Hospitality leaders call for VAT freeze to 'help curb inflation'

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Hospitality leaders call for VAT freeze to 'help curb inflation'

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More than 250 leaders from hospitality and leisure have urged Chancellor Rishi Sunak to keep VAT at 12.5% beyond March 2022.

A joint letter calls on the Treasury to maintain the current level to enable businesses to continue their recovery, to protect jobs, and to help stave off higher inflation in the economy.

Spearheaded by UKHospitality (UKH), signatories to the letter include individual businesses, a swathe of SMEs and some huge multi-national enterprises.

The signatories include leaders from Apex Hotels, BaxterStory, Bourne Leisure, Big Table Group, Caffe Nero, Center Parcs, Côte, Fuller’s, Greene King, Hilton, IHG Hotels and Resorts, JD Wetherspoon, Loungers, Marston’s, Mitchells & Butlers, Moto Hospitality, Nobu, Parkdean Resorts, Pho, Pizza Express, Pizza Hut, Punch Pubs, Revolution, Rekom, The Restaurant Group, The Savoy Hotel Group, Wagamama and Young’s, plus many more.

The letter highlights the success of the lower rate of VAT applied for tourism and hospitality (on food, accommodation and non-alcohol drinks) in enabling businesses to survive, protect jobs and to continue their recovery, despite “the ravages of the pandemic”. It says the policy has been paramount in helping businesses to keep their prices to customers as low as possible, in the face of significant cost pressure in the sector, including the cost of energy, transportation, wages and food and drink.

A major concern of the impact of the VAT rise is that businesses will have no choice but to significantly raise their prices, putting pressure on the cost of hospitality experiences and also further fuelling inflation across the economy.

The current rate of 12.5% is set to rise to 20% in April unless the Chancellor intervenes. The month will bring what has been described as a cliff edge for the hospitality industry with a rise in VAT set to happen alongside a rise in the national minimum wage, plus changes to business rate relief plus an end to the rent moratorium, which will impact thousands of operators.

Kate Nicholls, CEO of UKHospitality, said: “There are many compelling reasons why VAT should be held at the current rate given the current circumstances. However, this is about so much more than an extension to temporary measures in the face of the challenges brought by Covid; it’s about working to establish the right tax level for our world-class hospitality and tourism industries. It is vital, in the interests of competitiveness, job creation, growth and ensuring hospitality and tourism play their full part in driving the economic recovery.”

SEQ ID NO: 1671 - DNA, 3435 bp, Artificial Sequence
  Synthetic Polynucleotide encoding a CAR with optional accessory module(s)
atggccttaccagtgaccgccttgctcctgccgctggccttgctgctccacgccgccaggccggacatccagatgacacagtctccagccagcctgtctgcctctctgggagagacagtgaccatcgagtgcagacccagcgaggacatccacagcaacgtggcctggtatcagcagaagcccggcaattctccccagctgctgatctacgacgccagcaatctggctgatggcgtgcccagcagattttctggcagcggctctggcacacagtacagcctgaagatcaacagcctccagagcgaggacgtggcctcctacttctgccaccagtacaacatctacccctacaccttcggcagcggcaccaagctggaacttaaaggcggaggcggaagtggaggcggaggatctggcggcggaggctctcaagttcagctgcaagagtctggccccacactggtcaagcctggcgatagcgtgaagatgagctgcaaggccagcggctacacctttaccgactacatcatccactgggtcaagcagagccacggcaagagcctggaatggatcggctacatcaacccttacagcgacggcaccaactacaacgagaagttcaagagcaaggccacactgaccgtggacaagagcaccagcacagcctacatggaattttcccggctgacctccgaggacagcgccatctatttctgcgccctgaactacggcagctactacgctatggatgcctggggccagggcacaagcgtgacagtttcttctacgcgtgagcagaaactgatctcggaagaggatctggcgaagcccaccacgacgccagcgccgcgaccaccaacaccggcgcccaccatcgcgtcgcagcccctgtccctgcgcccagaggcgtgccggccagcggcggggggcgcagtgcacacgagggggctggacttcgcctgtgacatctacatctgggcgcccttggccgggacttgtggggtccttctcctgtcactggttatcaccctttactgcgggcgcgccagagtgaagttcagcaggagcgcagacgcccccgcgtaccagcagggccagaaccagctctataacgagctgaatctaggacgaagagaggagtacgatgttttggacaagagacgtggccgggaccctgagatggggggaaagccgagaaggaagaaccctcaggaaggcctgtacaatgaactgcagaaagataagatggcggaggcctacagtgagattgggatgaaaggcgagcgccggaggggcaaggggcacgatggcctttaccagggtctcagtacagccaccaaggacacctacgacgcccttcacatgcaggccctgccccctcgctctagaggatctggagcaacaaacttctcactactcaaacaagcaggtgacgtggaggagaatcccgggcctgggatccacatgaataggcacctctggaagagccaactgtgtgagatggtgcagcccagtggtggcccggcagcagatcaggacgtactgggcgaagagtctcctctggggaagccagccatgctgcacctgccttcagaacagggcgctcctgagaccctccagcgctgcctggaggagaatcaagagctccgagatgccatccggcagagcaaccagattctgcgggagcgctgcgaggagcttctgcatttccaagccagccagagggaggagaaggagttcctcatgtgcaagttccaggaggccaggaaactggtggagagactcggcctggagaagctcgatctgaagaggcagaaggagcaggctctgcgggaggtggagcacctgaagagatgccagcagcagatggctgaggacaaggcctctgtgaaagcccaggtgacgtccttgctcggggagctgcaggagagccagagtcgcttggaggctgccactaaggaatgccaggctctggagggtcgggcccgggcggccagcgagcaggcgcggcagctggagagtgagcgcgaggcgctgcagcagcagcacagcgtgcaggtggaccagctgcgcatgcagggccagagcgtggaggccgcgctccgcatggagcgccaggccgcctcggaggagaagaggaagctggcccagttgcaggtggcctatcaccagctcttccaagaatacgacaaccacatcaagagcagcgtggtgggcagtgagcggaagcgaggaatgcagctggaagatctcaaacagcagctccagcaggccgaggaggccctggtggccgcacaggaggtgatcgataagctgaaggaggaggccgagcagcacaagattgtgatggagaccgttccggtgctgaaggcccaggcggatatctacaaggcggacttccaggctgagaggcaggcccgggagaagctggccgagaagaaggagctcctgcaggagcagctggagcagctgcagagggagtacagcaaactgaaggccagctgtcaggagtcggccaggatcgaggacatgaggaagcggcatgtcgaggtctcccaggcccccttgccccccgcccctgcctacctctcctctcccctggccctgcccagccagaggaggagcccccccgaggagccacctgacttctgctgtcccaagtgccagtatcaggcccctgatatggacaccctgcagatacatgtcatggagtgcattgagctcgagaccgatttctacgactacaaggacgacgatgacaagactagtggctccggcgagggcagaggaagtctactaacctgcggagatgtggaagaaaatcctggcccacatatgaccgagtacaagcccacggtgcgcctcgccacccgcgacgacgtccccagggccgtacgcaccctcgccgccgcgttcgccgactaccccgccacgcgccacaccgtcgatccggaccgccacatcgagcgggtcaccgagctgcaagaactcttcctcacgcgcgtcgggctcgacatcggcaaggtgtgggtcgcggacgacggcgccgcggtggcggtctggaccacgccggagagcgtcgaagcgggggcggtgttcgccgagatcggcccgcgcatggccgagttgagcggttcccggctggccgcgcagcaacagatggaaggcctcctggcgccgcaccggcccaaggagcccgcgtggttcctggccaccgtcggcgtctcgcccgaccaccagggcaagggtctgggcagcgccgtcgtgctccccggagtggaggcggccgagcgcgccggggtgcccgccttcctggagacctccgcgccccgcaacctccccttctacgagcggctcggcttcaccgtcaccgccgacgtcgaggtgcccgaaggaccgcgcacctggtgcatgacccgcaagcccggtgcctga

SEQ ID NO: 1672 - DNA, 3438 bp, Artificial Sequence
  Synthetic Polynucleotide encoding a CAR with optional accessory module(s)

Helping to curb inflation

UKH is also urging the government to keep VAT at 12.5% in the interests of limiting inflation. In a recent study of its members, 93% of companies said they intended to increase their prices by 11% in the next few months – double the headline rate of inflation in December 2021.

Due to the disproportionate impact hospitality has on the Bank of England’s ‘basket of goods’ – the cost of various items used by the bank to track inflation – an 11% price increase in hospitality would feed through into a rise of 1.7 percentage points to the headline rate of inflation, over the next 12 months.

Nicholls added: “We are asking the Chancellor to give companies and consumers room to breathe. We have had a very challenging two years where hospitality was hit first, hardest and longest. This industry has borne the full brunt of the economic restrictions due to Covid. Companies have no cash in the bank and are being squeezed from all directions. They must pass costs on or go bust. The only question is by how much prices rise.”

VAT move to save £4.6bn

The letter to the Chancellor follows a joint study by UKHospitality, the Tourism Alliance, the British Beer & Pub Association, and the Association of Leading Visitor Attractions, revealing a permanent rate of 12.5% would create 286,850 jobs over 10 years​, and generate £7.7bn of additional turnover.

The new report, commissioned jointly by the four bodies, found that a permanent rate of 12.5% will bring VAT on hospitality and attractions in line with the European average, adding that at 20% it is nearly double; and set off a 'virtuous cycle of industry investment and growth' to help ‘level up’ UK regions.

Other headline results from the analysis of the impact of retaining VAT at 12.5%, rather than returning to 20%, for hospitality and tourism include delivering £4.6bn in net present value of fiscal gains to the HM Treasury over 10 years; and returning a positive gain on the Government’s investment in less than five years.

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